The impending debate over state education funding comes down to a single word: Sustainability.
Ever since Gov. Tom Corbett cut education funding in the state budget, school districts have been tapping reserve funds to bridge the gap.
But those funds are being squeezed, and, in a statement released last Tuesday, Jay Himes, executive director of the Pennsylvania Association of School Business Officials, said the trend is “unsustainable” and could lead to “large structural deficits” for school districts.
There is some hope for public schools. The Republican-controlled state Senate has been working on an alternative to the governor’s budget. Approved by a vote of 39 to 8 earlier this month, it would restore $517 million in state funding without raising taxes.
Corbett, a Republican, has said little about the Senate proposal other than to call it “unsustainable.”
Senate Appropriations Committee chairman Jake Corman, R-Centre, said increased funding in the Senate proposal comes from higher-than-expected tax revenue. Corbett’s reluctance to criticize the plan, however, suggests he may be amenable to the Senate version.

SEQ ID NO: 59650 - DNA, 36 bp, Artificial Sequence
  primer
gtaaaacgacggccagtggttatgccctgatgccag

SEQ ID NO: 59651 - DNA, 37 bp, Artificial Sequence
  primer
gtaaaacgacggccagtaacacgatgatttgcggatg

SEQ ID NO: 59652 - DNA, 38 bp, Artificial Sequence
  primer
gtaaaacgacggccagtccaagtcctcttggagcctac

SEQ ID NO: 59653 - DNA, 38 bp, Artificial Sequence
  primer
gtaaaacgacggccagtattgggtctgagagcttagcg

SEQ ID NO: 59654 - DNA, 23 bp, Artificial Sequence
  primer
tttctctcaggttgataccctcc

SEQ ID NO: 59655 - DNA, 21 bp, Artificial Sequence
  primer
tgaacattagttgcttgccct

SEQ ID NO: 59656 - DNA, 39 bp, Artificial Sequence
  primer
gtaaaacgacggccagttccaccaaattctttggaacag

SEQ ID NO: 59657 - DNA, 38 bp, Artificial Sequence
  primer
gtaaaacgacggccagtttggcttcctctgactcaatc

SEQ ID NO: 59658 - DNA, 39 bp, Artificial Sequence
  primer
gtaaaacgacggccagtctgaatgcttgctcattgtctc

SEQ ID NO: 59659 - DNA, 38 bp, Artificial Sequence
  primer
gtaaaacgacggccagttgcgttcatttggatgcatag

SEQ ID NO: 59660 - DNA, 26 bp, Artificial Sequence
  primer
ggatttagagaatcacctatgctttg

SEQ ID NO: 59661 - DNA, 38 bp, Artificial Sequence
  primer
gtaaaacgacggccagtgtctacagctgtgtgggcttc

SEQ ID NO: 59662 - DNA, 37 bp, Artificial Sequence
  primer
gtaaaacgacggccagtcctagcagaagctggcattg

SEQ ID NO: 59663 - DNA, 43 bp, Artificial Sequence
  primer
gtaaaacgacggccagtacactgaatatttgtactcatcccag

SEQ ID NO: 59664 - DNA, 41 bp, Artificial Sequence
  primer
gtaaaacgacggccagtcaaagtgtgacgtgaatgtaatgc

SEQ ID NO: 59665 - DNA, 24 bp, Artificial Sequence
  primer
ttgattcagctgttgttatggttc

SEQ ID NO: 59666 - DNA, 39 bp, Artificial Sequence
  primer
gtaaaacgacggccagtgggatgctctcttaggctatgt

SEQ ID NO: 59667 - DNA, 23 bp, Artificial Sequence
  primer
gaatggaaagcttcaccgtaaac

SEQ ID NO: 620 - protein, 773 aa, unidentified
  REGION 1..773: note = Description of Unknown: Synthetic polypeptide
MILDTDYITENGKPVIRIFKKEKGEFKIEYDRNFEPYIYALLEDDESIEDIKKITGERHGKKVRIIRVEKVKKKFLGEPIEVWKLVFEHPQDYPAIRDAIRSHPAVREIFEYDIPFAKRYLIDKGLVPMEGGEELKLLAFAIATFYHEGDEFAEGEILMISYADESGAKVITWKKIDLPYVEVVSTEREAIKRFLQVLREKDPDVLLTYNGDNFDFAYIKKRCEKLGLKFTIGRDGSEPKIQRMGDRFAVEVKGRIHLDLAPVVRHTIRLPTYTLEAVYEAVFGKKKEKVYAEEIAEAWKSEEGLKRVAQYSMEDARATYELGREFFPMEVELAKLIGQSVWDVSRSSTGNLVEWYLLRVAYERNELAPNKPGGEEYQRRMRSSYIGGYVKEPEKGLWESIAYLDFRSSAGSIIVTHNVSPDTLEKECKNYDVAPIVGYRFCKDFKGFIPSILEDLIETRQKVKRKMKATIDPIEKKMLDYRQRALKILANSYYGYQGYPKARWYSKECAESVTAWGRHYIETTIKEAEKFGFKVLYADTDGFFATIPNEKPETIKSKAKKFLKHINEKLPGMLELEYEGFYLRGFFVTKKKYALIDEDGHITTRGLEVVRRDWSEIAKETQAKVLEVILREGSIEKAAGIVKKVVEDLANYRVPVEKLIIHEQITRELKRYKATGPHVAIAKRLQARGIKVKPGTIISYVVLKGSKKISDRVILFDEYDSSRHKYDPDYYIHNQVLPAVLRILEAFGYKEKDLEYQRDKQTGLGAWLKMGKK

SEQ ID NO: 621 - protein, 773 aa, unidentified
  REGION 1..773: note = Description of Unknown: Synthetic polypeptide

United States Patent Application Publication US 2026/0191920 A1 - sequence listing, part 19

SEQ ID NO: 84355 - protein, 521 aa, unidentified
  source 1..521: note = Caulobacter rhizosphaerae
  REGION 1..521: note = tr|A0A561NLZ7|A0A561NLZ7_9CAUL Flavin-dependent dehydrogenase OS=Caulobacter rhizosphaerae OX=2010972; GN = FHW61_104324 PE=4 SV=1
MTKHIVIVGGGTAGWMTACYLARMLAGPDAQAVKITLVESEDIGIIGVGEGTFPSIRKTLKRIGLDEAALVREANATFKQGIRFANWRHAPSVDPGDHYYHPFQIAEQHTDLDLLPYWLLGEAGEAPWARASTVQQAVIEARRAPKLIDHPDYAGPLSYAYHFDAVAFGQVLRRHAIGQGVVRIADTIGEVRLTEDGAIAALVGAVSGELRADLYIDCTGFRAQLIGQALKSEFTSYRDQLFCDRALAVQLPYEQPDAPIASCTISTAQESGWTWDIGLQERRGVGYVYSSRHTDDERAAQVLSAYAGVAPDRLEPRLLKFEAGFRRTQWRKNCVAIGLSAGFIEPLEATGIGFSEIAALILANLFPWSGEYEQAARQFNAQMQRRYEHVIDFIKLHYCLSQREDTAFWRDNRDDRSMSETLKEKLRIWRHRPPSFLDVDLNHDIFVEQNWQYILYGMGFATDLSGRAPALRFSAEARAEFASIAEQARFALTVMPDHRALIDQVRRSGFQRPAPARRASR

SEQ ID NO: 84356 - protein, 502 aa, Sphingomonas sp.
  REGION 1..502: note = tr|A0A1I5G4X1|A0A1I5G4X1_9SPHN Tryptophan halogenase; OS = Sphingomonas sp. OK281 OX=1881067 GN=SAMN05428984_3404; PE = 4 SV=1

As it now stands, the governor’s proposal would force schools to make drastic changes.
State associations of School Business Officials and School Administrators released a survey of 281 districts that found that, in 2012-13, 60 percent of the districts intend to increase class sizes; 58 percent intend to reduce art, music and physical-education classes; 37 percent are cutting tutoring programs and more than one-third are eliminating summer school.
School transportation also is impacted under the governor’s plan. The transportation segment of the budget is a major concern for rural districts. Not only do buses move children long distances, they do so safely.
Providing transportation also increases attendance. The Pennsylvania School Bus Association, citing an example of a school district in Tennessee where transportation funds were cut, predicted a spike in student absenteeism and achievement unless transportation funding is restored.
Solanco School District in Lancaster County has discussed creating central bus pick-up locations and has even proposed paying parents a stipend to drive their children to school.
Schools clearly cannot tap reserve funds forever. Using reserve funds could ultimately affect school districts’ bond ratings. The lower a school district’s bond rating, the higher the interest rate.
Public school funding also is being diverted to charter and cyber schools.
Although the Senate plan improves the governor’s budget, it still falls short of what is needed. At most, it offers a buffer for the 2012-20 school year.
Unless education funding is increased, the future of public education in this state may well become unsustainable.